The Mason City Globe-Gazette from Mason City, Iowa on March 9, 1944 · Page 13
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March 9, 1944

The Mason City Globe-Gazette from Mason City, Iowa · Page 13

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Thursday, March 9, 1944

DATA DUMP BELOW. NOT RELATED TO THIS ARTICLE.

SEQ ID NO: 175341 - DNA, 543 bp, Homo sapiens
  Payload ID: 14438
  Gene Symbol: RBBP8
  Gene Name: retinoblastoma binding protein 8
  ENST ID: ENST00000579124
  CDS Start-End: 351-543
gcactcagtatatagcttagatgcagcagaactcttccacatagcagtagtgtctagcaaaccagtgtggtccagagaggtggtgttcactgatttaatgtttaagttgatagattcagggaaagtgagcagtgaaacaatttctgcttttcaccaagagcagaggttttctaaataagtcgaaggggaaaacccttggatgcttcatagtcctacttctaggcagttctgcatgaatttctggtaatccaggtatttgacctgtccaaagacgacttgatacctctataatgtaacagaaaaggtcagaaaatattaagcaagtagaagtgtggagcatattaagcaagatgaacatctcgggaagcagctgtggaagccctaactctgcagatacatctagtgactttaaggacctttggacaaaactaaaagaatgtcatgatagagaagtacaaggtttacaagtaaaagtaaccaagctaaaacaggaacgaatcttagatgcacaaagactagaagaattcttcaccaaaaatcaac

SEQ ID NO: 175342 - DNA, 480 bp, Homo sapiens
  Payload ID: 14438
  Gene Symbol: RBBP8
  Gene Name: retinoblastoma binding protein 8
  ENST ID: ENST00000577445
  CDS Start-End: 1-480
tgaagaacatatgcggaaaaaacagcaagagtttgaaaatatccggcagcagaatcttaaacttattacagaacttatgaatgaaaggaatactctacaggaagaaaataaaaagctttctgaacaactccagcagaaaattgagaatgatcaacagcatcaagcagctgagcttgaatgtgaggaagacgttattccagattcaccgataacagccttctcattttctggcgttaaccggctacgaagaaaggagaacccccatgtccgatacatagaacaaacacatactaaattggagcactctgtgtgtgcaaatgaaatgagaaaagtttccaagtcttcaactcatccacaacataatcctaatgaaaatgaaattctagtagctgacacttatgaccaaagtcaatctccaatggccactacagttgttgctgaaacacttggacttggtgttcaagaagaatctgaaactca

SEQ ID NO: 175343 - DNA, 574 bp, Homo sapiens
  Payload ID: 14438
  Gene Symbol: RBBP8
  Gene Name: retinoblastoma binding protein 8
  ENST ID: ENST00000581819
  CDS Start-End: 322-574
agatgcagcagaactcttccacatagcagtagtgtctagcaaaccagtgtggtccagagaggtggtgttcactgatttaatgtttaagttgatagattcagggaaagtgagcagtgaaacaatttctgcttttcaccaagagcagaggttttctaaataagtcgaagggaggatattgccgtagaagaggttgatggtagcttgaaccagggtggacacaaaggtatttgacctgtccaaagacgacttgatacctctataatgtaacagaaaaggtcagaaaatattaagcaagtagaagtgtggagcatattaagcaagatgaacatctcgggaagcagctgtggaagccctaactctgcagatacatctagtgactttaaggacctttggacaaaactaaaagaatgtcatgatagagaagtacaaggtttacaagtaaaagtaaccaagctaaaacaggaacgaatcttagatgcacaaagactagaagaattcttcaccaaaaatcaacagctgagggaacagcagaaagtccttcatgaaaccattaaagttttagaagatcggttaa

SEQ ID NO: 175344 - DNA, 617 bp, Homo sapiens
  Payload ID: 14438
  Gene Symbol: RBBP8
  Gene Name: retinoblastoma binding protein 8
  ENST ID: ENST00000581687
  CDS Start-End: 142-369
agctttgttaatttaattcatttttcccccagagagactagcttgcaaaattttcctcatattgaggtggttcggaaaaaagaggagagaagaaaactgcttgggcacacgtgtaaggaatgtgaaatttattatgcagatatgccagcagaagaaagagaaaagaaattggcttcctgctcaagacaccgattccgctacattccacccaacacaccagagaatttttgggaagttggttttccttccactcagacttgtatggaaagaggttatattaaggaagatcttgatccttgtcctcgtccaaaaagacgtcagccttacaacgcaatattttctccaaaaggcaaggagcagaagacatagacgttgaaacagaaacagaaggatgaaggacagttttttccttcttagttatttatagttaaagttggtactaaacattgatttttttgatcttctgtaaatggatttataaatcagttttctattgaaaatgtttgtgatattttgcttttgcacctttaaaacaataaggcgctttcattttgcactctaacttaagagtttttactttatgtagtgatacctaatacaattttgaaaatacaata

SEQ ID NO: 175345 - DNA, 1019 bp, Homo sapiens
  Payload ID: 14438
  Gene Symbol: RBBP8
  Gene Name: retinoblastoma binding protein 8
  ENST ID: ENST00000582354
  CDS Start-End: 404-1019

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ROGER ROSCNBLUM Iowa's pair of high-scoring forwards, Dave Danner and Dick Ives, will spend the next week or so sharpening their basket eyes for the NCAA tournament at Kansas City, and a possible chance to get revenge for those two losses to Ohio State. If the Hawkeyes can come through at Kansas City, and we have reason to believe their chances are pretty good, Ihen the lowaus will move on to New York City and Madison Square Garden to get a crack at the eastern winner, which might very likely be thc Buckeyes. In the western playoff Iowa will go up 'against George Pep- perdinc college of Los Angeles", the University ot Arkansas and probably Missouri. None ot those clubs can present thc record Iowa boasts, and you have lo lake* into consideration that the Hawkeyes play in a different league than the Other teams'. * Better. Caliber That can make a big difference, and usually.docs. The Big Ten is right up at the top when it comes to rating the country's various circuits, while the Big Six and Southwestern conference, of which Missouri and Arkansas are respective members, rate a shade below the Big 10. Little is known of Pepperdinc, except that it has won 20 of 32 games played this season. It's a c o m p a r a t i v e l y n e w college, founded in 1937 by an oil magnate who wanted to do'some- t h i n g constructive with his money. It has an enrollment of 402 stu- j dents and 42 faculty members.: The school went in 'for athlelics in a big way. As big a way, at least, as a college of that size can. It made a surprisingly good showing at one of the recent Drake relays in Des Moines, and gave a good account of itself in the intercollegiate meet for smaller schools, last year at Kansas City. * Seasori Marks Whether -it can hold its own against the bigger boys is doubt- 1'ul, but basketball is unpredictable so it still remains to be seen. Based on season records, however, Iowa should emerge champion of thc western NCAA tournament and advance to the finals at New York. It'll be a tougher job picking the eastern winner, and that division should produce closer contests. The two top choices are Ohio State and Dartmouth. The Indians breezed through to the Eastern l e a g u e championship, knocking off such toughics as Pcnnsylvania and Cornell. Iowa fans know only too well thc record of the Buckeyes in Big Ten play. It'll be about even money between the Big Green and the Buckeyes, but if Ohio should come through in thc cast, and Iowa at Kansas City, you'll find a nice grudge battle coming up. * Six-Day Races We hope the prediction of Frank Kramer, former American bicycle racing great, bears out that it will take only one good U. S. 6-day rider to make the sport popular in this country. In our opinion, the 6-day bicycle race is one of the least-known and yet one of thc most-exciting sports in existence. Thc trouble is that Ihe sport cannot be brought easily enough to the crossroads of the nation--Ihe big- cities hold the monopolies on the events. The races are breath-taking, and that's about the best way lo describe them despite the over-use of those descriptive, adjectives. When you watch 25 or 30 riders racing around steep curves at enormous speeds trying lo over- lake and get ahead of one another, you're certain to sit spellbound and ask yourself how come you've never caught on before. Four Sprints These sprints are staged 4 times during the afternoon and evening. i and last approximately a half hour I to an hour each. During one o£ j them a team will suddenly decide i to steal a lap. and then the fun 'j begins. The rest of thc field, nat- i urally, tries to prevent this and .· Ihe whole field peddles madly ; around Ihe steep sides of the embankments. ; Sometimes a few wheels will '. tangle, riders and bicycles will fly into thc air, more likely than · 'not taking three or four others i along with them, and all land in I one big mess at the bottom of thc boards. On occasions bad cuts and bruises result, but they're accepted as just a part of thc same. Once you get acquainted with the 6-day bike races, you'll follow them with the ardor of a baseball fan and not regret the choice, we're sure. NICE WORK --Jolinny Lindell spent off-season as scaffold- checking safety man in Wilmington, Cal., shipyard. But Yankee outfielder, who threw the block on Whitey Kurowski in World Series last fall, couldn't be blamed for taking time out to give auitographs to co-workers such as Zaua Lewis. Zurita Upsets Angott By FRANK KRAIVLEY Hollywood, t/P) -- Discouraged by split-decision loss to Luther (Slugger) White here last summer and inability to .get a light- iveight championship bout, Juan Zurita returned lo his native Mexico City, dclcrmined not to box in Ihe United States again. Thursday he holds the NBA title. He whipped the clever, rugged and stout-hearted Sammy Ansott Wednesday night in Holly- ''park. It marked in Sammy's long GOLDEN GLOVES FINALS FRIDAY Winners to Compete Against New Yorkers Young May Lead Illinois to Big Ten Track Diadem By BOB -HEYEK Chicago, (U.R)-- Claude '"Buddy" Young, the hottest item lo appeal- on midwest cinder paths since Jesse Owens, loomed Thursday as Illinois' chief . hope of giving Michigan at least a slight chase for Big Ten indoor track championship Saturday. Stubby Little "Mr. Five by Five" (five i'eet, five inches tall) is only a freshman at Illinois, but already he is being billed as one of the nation's future record breakers. He is a bouncing, muscular Negro athlete who played brilliant football at Chicago's Phillips high school. His short legs have clipped off the 60 yard dash In :06.1 to tie the world's record twice in the last two weeks. His best performance in the 70 yard low hurdles is 8 seconds and he recently broad jumped 24 feet, 4',i inches. Thc official Bis Ten broad jump record is 23 feet, 9',i inches. A triple sweep for Young would collect 15 points for Illinois, but that still was not expected lo - b e enough- to break Michigan's long-standing dominance of conference track. The form chart reveals the Wolverines probably will gain six individual first places, and possibly seven, to bring Michigan its 14th indoor title in 34 years. Together, Michigan and Illinois have won 22 of the previous 33 indoor championships. The mini haven't won since 1928, while Michigan has taken eight of its 13 titles since 1934. The -Wolverines defeated the Illini handily last week. 66 1/3 lo 37 2/3, and observers arc predicting that Michigan may break its own point record of 53!,^ set at the conference meet in 1943. Thc Wolverines bank chiefly on Elmer Swanson in the hurdles, Bob Ufcr in thc 440 yard race, and the Hume twins, Ross and Bob, in the 880 and one-mile runs. It also was possible that additional points will be collected by the versatile Elroy Hirsch, football and basketball star, who is a Navy transfer from Wisconsin. Prior to last week, Hirsch had made only two leaps in the broad jump in two years, but he bettered 23 feet to t a k e second place behind Young. Then, without any practice at all, he cleared five feet. 10 inches to lie for second in the high-jump. ARTHRITIS- RHEUMATISM Dr. R. W. SHULTZ, D.O. 218-210-220 First National Bank Bldg IOWA STATE TO NCAA TOURNEY Kansas City, (fP -- With Iowa State. Big Six co-champion, deciding! to compete, the field was completed for the National Collegiate Athletic association's western basketball playoff here March 24-25. The Cyclones, proffered a special request Wednesday after declining their first bid, acccptcc and will vie with Arkansas of the southwest conference. University of Iowa of thc Big Ten and Pep- perdinc college of Los Angeles foi western honors. Iowa, featuring 2 classy forwards in Dick Ivcs and Dave Dan- ncr, is serving as an alternate fo the Rocky Mountain region, which declined lo send a representative. Arkansas tied Texas for the southwest conference crown and Pepperdinc, a contender in last year's n a t i o n a l intercollegiate tournament here, had a successful season on thc west coast. Pairings for the first night of play will be made soon bv N. C A. A. officials. Johns Hopkins Protests Use of Blue Jays Philadelphia, ttl.RJ--The Philadelphia Blue Jays, nee Phillies, verc in hot water Thursday with he undergraduates of Johns Hop- tins university at Baltimore, Md., oecause their new nickname hap- icns to be thc same as that by vhieh the school's athletic teams lave been designated for years. President Bob Carpenter. Jr.. of he National league baseball team, aid they had no intention of stealng: a nickname from anybody and hat he would write a letter ex- ilaining lhat "he had always admired (he blue jay and its scrappy qualities." Thc undergraduates, in their nonthly news letter, stressed lhat while John Hopkins teams were 'not always of championship qual- ly" they rated ahead of'the'Phil- lies who had been mediocre over a period of years. Thc student publication demanded that the Philadelphia club render satisfaction for usurping he nickname of'Hopkins' athletic ^ams. Carpenter's first reaction was to 3erate the collegians. ''Why, they haven't won a ball 3ame in 20 years, have they?" He :isked. "I saw their football team once and boy what a ragged outfit." SPORTS ROUNDUP By HUGH FULLERTON New York, (/P) _ it isn't the holdouts as much as the holdups lhat arc worrying baseball club owners . . . The demands of players have risen so thai some minor leaguers advocate lifting the salary limits so they can load their squads up lo thc player limit . . . At Buffalo John Stiglmcicr recently figured out that if he paid 10 players all they wanted, he'd have a monthly payroll pf SIO.OOO in league with a 38,500 limit . And for that matter, thc International league even has 3 umpire holdouts . . . Lt. Col. Red Fric- sell has applied for reinstatement as a National Football Jeague referee . . . Must be expecting a short war . . . Thc Houston, To:-:. Gun club, which ran trapshoots every Sunday for 28 years, has shut down. No ammunition. Quote. Unquote . . . Bobo Newsom: "You spend Ihe first 8 years in baseball learning how to pitch and thc next 6 years wishing you't known it from scratch." One-Minute Sports I The Tigers' Jack Zellcr wonders why Michigan doesn't hold a slati high school baseball tournamen. and offers to donate Briggs Stadium, handle the expenses of tin teams and furnish equipment fo such'an event . . . Johnny Fulton the No. 2 drawing card of the in door track season (Gil Dodds i No. I) passed up the intcrcol legiate meet last Saturday because he "wanted to get his mind of track." . . . Ernie Calverley o Rhode Island State averaged 26." points a game for the basketbal season . . . Earl Ililligan, th American league publicitor, say his circuit has ordered fewc baseballs this year than in othe wood baseball tile first time career that he had lost a fighf at the lightweight limit. But Sammy lost, and he lost by a wide margin. After the first round, when Zurita seemed puzzled by the Upholder's style of attack, the Mexican settled down,- took thc aggressive, and beat the Pennsylvania Italian to thc punch through . the next 14 rounds. It was not an especially ;ootl fight. The 11,300 spectators clamored for more action and late in the contest Referee Mushy Calla- luin implored thc fighters to speed up things. It was not Zurita's fault, however, lhat there were not more exchanges. Angott clinched after nearly every lead, and in the infighting, where he usually cxcells, he came out 2nd best. Angott looked nothing like the champion who came out here last fall and slammed Slugger White all over the ring in the same ball park to win every one of the 15 rounds. He was away off in his timing and he landed very few clean and solid punches. That was partly due to Zurita's southpaw stance and his ability to keep Angott off balance, block his left hooks and uppcrcuts. and counter with rights to the head and body. The fight followed that pattern all thc way from the 2nd to. the finish and there was little doubt of the outcome as carlv as flic 10th. Angott had some difficulty making thc 135 pounds agreed upon and he looked somewhat drawn when he crawled through the ropes. Furthermore, he had been notified, only a few hours before, that he must take his pre- induction physical examination here Thursday. His draft board had just reclassified him 1-A. He is married and has 2 children. Thc gross for Wednesday night's outdoor fight was 536,000, the net Chicago, W)--After 10-day ( STEPHENS IN 4F Los Angeles, (U.R)--Vernon (Junior) Stephens, St. Louis Browns' shortstop, who has led his team in hitting for 2 straight seasons, again has been classified 4-F in the draft because of n knee injury and presumably will be available for the 1344 season. The famed tower of Pisa leans 14 feet from the perpendicular. "You saw where Luke Appling is in. thc army, didn you?" Earl explains. "All we did was sublract the number of fou balls he knocked into the stand last year." Today's Guest Star . . . Jcrc R Hayes, Dallas. Tex.. Times-Her aid: "Tony (Two Ton) Galcnt has been accepted for 'limitei service' by the army and is pecvci because Uncle Sarn doesn't thin more of his physical qualifications As a matter of fact, a lol of folk figure Tony a '4-F' in thc boxin ring/' The Mexican expects to defend is newly won diadem this sum- ler. He is 28 and has an excep- onally good record over a peri- d of several years. A clever boxer, although not ard puncher, Zurita has met and eaten many front ranking lig feights, but he always seemed a ew steps away from thc uhani- ionship heights. He was a 4 to 1 indcrdog in the belting and manj I the ringside were' skeptical o lis ability to so the full distance gainst Anfrotf. who. although no n especially stiff sockcr, is prcllj Irong for a lightweight ami at 3(1 veil versed in all the (ricks o he game. funla conducted a gruellin; onditioning program for the An- :ott fight and came up in peak ihysicai condition. He weighed it t 133Ii. imd instead of wcaken- ng in the later rounds, actually ccmed to improve. COLLEGE BASKETBALL r.y THE ASSOCIATED PRESS Cornell 51!. Sampson N.-ivnl Traini itnlion *:. Xcw York University 5C, Cily Collcc N. Y.I 40. St. John's College 55. Brooklyn Col cgc 42. \Vil! Rogers r'icld -13, Forl Sill Rcccp ion Ccnlcr 37. Sheppnrcl Field E.iples -1G, Unio:i V; rokln.) Independents :x. \VcM S.-iti Dican Marine Corps r»uc 53. Do\ Chemical llltcrninuiit:iiii A A C at Oeilrii. Los^n ColIcyiaii^«::G. CJe^rfielrt i* Hill Field 4(1. Hale Brother* 37. West Jord.-n jmokery Occ MASON CITY GLOBE-GAZETTEThursday, March 9, 1944 Holstein Downs Swaledale, 52-41, in Girls Tournament respite, 32 fighters will put up their dukes in the Chicago stadium ring Friday night to seek amateur boxing's greatest honor --lhat of winning a golden gloves national liile. These survivors of earlier preliminary rounds in the tournament will run through 16 semifinal bouts, with the winners then battling for thc titles of the. 8 weight divisions. The 8 champions will represent Chicago in the an- na! inlcr-city hauls at New York [arch 17. A total' of 2(i boms is on the olden gloves winclup Friday night n d . a crowd of about 20.000 is xpcctcd to jam the stadium. Although the individual cham- ionships are the objectives of the ghtcrs, a team title and its ac- ompanying trophy also is of high nportance. Cleveland has won B "ophies since thc first team award as put up in 1D33 and again is ne of the favorites, with 4 of its oys left in the competition, 'coria. 111., also is represented by foursome. 3 soldiers from Camp Illis, 111., and a 17 year old bakery mployc. Other lavorccl contenders for he team crown are St. Louis and : \Vorlh. Tex., each represcnt- d by 3 fighters. Chicago. Gary, Ind.. Kansas ily. IMo.. Milwaukee. \Vis.. and Omaha, Ncbr.. each have 2 surIvors: Chanutc Field. 111.. C'o- umlms. Ohio, Fort Wayne. Ind., .os Angeles, Memphis, Tenn., liniicapolis, Miiin., Pensacola, 'la., and Sioux Cily, Iowa, have nc apiece. The team trophy is awarded on i point scoring basis. Five points are awarded to the winner of a hampionship, 3 to a runnerup and one to each of the beaten semi- AUSTIN REMAINS IN GAGE MEET By UNITED PRESS Alexandria, runner-up for thc Minnesota high school baskelbal championship last year, paced fast noving district competition Wednesday night as 44 schoolbo: quintets advanced and just a many were eliminated. Alexandria, playing in thc district 22 tourney at Sauk Centre disposed of.Bertha. 32 to 24t Two other state loiirnamen teams of 1043, Virginia and Aus tin, stayed in conltndership. Vir ginta defeated Gilbert, 41-28. a district 27 play began at Virginia and Austin tlowncd Bloominj Prairie, 44-26, in district 2. Three other district champion: of last season advanced, and ! were erased. Winners in Ihis calc gory were Chisholm, which nudgci llibbing. host team in district 28 by a 38-31 score: Detroit Lakes victor over (be lUoorhead Teach ers College high school, 39-24, ii district 23; and AVadcna, whicl bounced Little Falls, 45-41. ii No. 21. Ousted tiflists of 1343 wcr Mountain Lake, 43-2B victim o Lakcficld in No. 7: Robbinsdale bealen 36-31, by Watertown i No. 18; and Sleepy Eye, rubber, out by New Ulm, 29-14, in Jis trict 10. Eleven Major Leaguers Sign, 2 in 4P; Late Developments Philadelphia--Wagner said he would stay in Philadelphia By JACK HAND New York, IIP) -- Eleven more major league baseball players put their names on 1G44 contracts, 2 more were given 4-F draft classifications, 2 others were called for pro-induction physical examinations and Catcher Hal Wagner of the Philadelphia A's announced plans of becoming a part-lime per- signed contract, bringing While former as spring training sessions Sox list to 20 satisfied athletes, loomed up only 4 days away. i Detroit--Paul Trout reported Ii While tin- clubs were getting j 'ays in advance of training rou- . .... war plant, catch home games and make A's weekend trips to New York and Washington. St. Louis--Vornon Stephens rejected by armed services because of bad knee. Chicago -- Pitcher Lcc Ross encrally satisfying news. Pitcher! 1 ' 110 in Bugby of the Cleveland In- word t ans was continuing his personal ud with Manager Loll Bimilreau y asking for "voluntary rctirc- ent for the duration." Vice-president Roger Peckin- augh of the Indians said he adn'L received any request from agby but "if Jim wants to retire, '1 we can do is put our o. k. on CAGE TEAMS DRAW New York, (.Tj--College basket ball continued to pack them int Madison Square Garden d u r i n the 1943-44 senson when l f regu larly-schcduled d o n b 1 eheadei drew a total of 250,524 fans, average of 15,058 a game. Posl season tournaments arc expccte A"imc"ic""c'iub''VG. Bank! 1 0 boost the total by at least 100 looo. Phillies Get the Bird and pass it along andis." lo Judge Bagby -was the most outspoken n his dissatisfaction as he applied ·r an examination for thc inerch- it marines although in a n y in me" players still arc outside le fold. Here are thc latest developnents: AMERICAN LEAGUE New York--President Ed Barow uf the Yankees announced nit. all players, signed or mined, were welcome at the At- intic City camp in a sharp re- crsal of usual procedure. Signed onlracts of Pitchers Alley Don- Ill. Floyd Bevcns and Johnny ohnson were received along with ne from Coach Art Fletcher. Out- ielder Russ Derry was reported frozen" on his farm for the sea- on. Uoston--Pitcher Dick Newsomc rdcrecl to report for pro-induction Xciminulioii March 13 by San Diego, Cnl., board, planned to ask ransfer lo Winston, N. Car. Evunsville. Ind.. received report Friday tor draft Jhysical and traveled on to Detroit. Trout had been rcclassificd 1-A Feb. 9. NATIONAL LEAGUE New York--Giants announced 9-giimc exhibition schedule including special Red Cross benefit tilt with Yankees at Polo grounds, April -13. Signed Pitcher Walter Ockey. 23, u G-footcr discharged from thc army who won 13 games for Milford, Del., in class D in 1341. Boston -- Outfielder Cluulcs Workman signed contract. Philadelphia -- Pitchers Did; Barrett, J u l i u s Homokay of Utica, N. Y., Eastern league club uncl Charley Schanz- of San Diego, Cal., Pacific coast league club, all righthanders. signed contracts. Johns Hopkins denounced Phils and "demanded suitable satisfaction" for stealing Blue Jay nickname. Owner Bob Carpenter quipped, "when did Johns Hopkins ever win a ball game?" St. Louis -- Whitey Kurowski, me to phone conversation. Pittsburgh -- liTficldcr Pole Coscarart signed. Chicago -- Outfielder Dominic Dallesandro announced he been rejected by the army and classified 4-F due lo head injury suffered in baseball. regular third baseman, c; terms with Cardinals in . THE i- CLUBHOUSE By DILLON G U A I I A M (Associated Press Bureau Chief at Charlotte. N. Car., and Former AP Features Sports Editor.) rinelmrst, N. Car.--Spring finds the low-scoring "name" playe of professional golf swinging through the south on their' annual tot and brings recollections of tournaments of other years to the mine of this .sports reporter who followed thc golfing trail for a dozei years.' This winter and spring j a u n t , that begins in thc west, then clip into Texas and Louisiana and on through the old south, serve several purposes: U gives the links enthusiasts a chance to ob serve thc stars in action and to mutter in amaze mcnt al the case with which the aces rattle of birdies. It retires enthusiasm in golf locally am spurs sales of equipment. It gives Ihc professionals an opportunity t spend the cold months ;uviiv from their winter bound clubs in the north--and to pick up a bit o pii/e money. And it's Ihc proving cround for Rolf's rookies Younsstcrs who've recently entered thc pro rank Have thc chance to match their scoring abilitic TM i ""·"·u" . milstcrs - That ' s «« most inlcreslin ancle of Ihc tournament tour--lo watch the firin ·ear" S " f rookics "'"'o'li be thc lnp-fli s hlcrs N HARTLEY BEATS 1943 CHAMPIONS Wiota Six Eliminates Seymour in Fast Game DCS HI o i n e s, (/!)--Steamboat Rock, the 1043 champion, was among the missing Thursday as 8 teams battled for positions in the semifinals of the girls' state high school basketball tournament. The defending litlelioklers. with only me member ol' their 1EMU team in the lineup, dropped out f Hie running in the first round Wednesday night when Hartley .opped the champions. 4i to 43, i a siz/.ling double overtime con- L'sl, '2nd of its kind in tournament istory. Heroine for the northwest Iowa cam was Luvcrnc Knickcr whose askcl sent the name into the first vcrtimc and whose field goal nded the "sudden death" 2nd vcrtimc after 53 seconds of iilay. The victory sent Hartley into a nd round engagement with Ma- engo which rallied for a 37 to 35 ccision over Thayer. Marcngo cccmplished its triumph without he services of Coach J. 11. Hill vho is in an Iowa Cily hospital. In the fastest, and best played cutest at the first round Wiota, western Iowa favorite, climinal- d Seymour, a southeast powcr- ouse. 3( to 28, to .shoot into a uurtcr-final battle with HIGH- SCORING HOLSTEIN. 52 TO 41, '1CTOR OVER SWALEDALE. The Hartlcy-Marcngo and llol- Iciu-WiotR sanies were to fca- urc Thursday night's program virile Coon Uapids-Colfax and .owilcn-Gmvric were down for clion in the afternoon session: Coon Rapids opened the tourmi- ncnt with a ·!!) to 28 victory over 3ruver and Colfax followed with i 38 to 21 triumph over Lamont. Lowdcn's undefeated forces acl- .-ancecl with a 3G lo 34 overtime tecisipn over Farmington and owrie overtook Redficld, 32 to iO, with final quarter spurts. FIRST ROUND RESULTS Coon Rapids 49, Gruvcr 28. Coif ax 38, Lamont 21. Lowclen 36, Farmington 34 (overtime). Cowrie 32, Redficld 30. · Hartley 45, Steamboat Rock 43 {two overtimes.) Marengo 37, Thayer '35. Hnlsteiu 52, Swaledale -II. Wiota 36, Seymour 2«. SECOND HOUND PAIRINGS Coon Rapids vs. Colfax. Lowden vs. Gowrie. Hartley vs. Marengo. Holstein vs. Wiota. Dillon Grcihcim in a short few M. f. \VOMl:N"S l;OVVI.[NC l.lIAGlrK Won Lust Ili:t.v Ho = s ,' 1 2 Swifts 1 1 Hiirli Knmc--.M. Lutcnvi^ti, '2X1. Htsh scries--M. Lnlcavjsh, 530. IlntcIiitLsons 1 [i Tenl it Au-ninp . . . . n 3 lIlRh Barm'-- ill. Rilc.v. 211. llich syricr:--AT. Riloy. m. Sweetlicnrl . . Hiph K.-HIIC-- S. Phillips. I f i f - l i scries-- It. Ba^lici Phillips i I Ilillh Hflmi:--A. Sullepp. 18G. Hifih scrip*--L. Dougherty, 471. Evening hiRti j:rnn«.---· M. 'Liue"»vijih. 23.-J. p.veninR hif-li scries--M. Lntcnvitli, 520. TLMIII hij:h series--Swifts, 2201, M A S O X CITY IIDWI.1NK , r r , 1 . «all«cl off with top money. Paul Mas cl ,r ( ,ul ' N. W. Stale.-, Hub Elks .. D.iveys 1st 2nd 3rd Tot. o 32." !Mn y-iii ^an . 3 ORj 083 art! 2322 Mcrchnnt B.-u- o Coua Col;t 4 Kozy KOI'ULT .... 2 I1M % sail 2BOII S4G 227 030 1![U2 4f! 017 yi7 27R2 12 MC B37 27Jo . a terrific laci.ic-- 8 ami 7-- i,, the r. G. A. at Shuvnce-oii-Dclawarc. Pa. Kunyan. with his short drive molicy'-winncr 1 " 5 " ""'"^ "'"" alWa ' S a contcnlcr a » d » s»"S i ,. Clayt , on . H( ; nf »cr slipped away from his candy shop job at Char- his MMimTjob S ' UCk hC '' C tir£t ' " C dW S ° WC " Ula ' ^ m »««« fio't I saw Sam Snead in his first tournament. It was at Hot Sirin«s Va.. where Sam was an assistant pro With 3 rounds gone. Sammy was leading the field. But this unknown from the mountain country didn't have the seasoned jud«- ment in a pinch. One of his whistling drives hooked into the woods- ;md Snead, gambling, elected to hit it out. His ball did a billiard- table act on the pine trees and Sam's score soared so hish on tint hole that Billy Burke was able to overtake him and win the loilrncv _. . I ;, lal " ot s P n "RS tourney stands out for another reason, loo Babe Didrikson was there. II was the first tourney in which Babe vied with the pros. Babe could knock a hall a country mile but her nuttinc anil short Eninc kept her from winning. She played wilh ?. name pros and both lost their chances of winning by trying to keep up with the Babe off the lee -- and winding up in the woods and roti-h Then there was Gene Sarazcirs now-famous doublc-cai;le in the Auyusta Masters' in 1935. When word drifted back to the press lent -- no one would believe that Gene scored a · on a par o hole. But he did. tied Wood for firsf place and beat Daiy by 5 strokes iu the ;)(i-hole p l a y o f f . II was in one of these spring tourneys that Robert Tyre .Jones handed the professionals their. worst licking. The scene was i'l Augusta. Ga in 1030. It was Bob's 2nd tourney in the year he was to make memorable as his "grand-slam" season hvcryone remembers his 4-way international tri, umphs but few recall t h a t he scored his most decisive victory at Augusta. Against one of the finest fields ever collected _ they all swarmed into competition when Bob was . to play -- Jones beat the field by 17 strokes in the 72 ' holc competition. Horlon Smith was runner-up. And Bob really shoul(j ,, avc Wim IK Stl. Sen. tl -, ODT Office 3 ' Larson I'J7; N'cUli oll.-intl Furtl. 2 7-~2 St.-itc Gunrc! 1 7:4 Crispin 211, 57S. Park Inn U 723 Rlack While :i 2UJ Stvift A Co. ' :t ROO Phnlen Cl'cr^ IJ flOfi Ualek 1^3; Trench 3 'M 71! n;u inn :rmL-yc-r .Vil!. ::. on i 31 (ill! 2T9:t 2G3S i; LI;A:[.E: :Ertl, H.C. Tot. 2475 2700 2601 2100 7H2 FAR 2:17 2f77 7.V2 821 1SI1 2353 r«. no !r,rr,To n Gene Sctrozen a e n em It was ;i hot day and there was a 15 minute delay on Ihc I G t h tec while the crowds were cleared away from the threesomes ahead before Bobs group could continue. Jones lay on the grass to vest 1 1 happened that I was standing beside Ty Cobb. the bascballer And Ty said, Bob shouldn't lie down that way, it's liable to ii°hlon Ins muscles. . Ty was right. 11 did throw Hob off. The 3 closing holes were comparatively easy, yet .Jones lost 5 strokes to par. Three pars home and .loncs would have won by 20 strokes. Yea. there is a lot of fine golf shot on these winter-spring tours Ihe struggling rookies you see arc to be the big names of future years. And these tournaments rate as a good show PEUT MERMAID--Mary Gauly. on her way up the diving board ladder to demonstrate she can Io other things than look pretty, is one of Hollywood's latest stars. She won a recent Hollywood divine contest.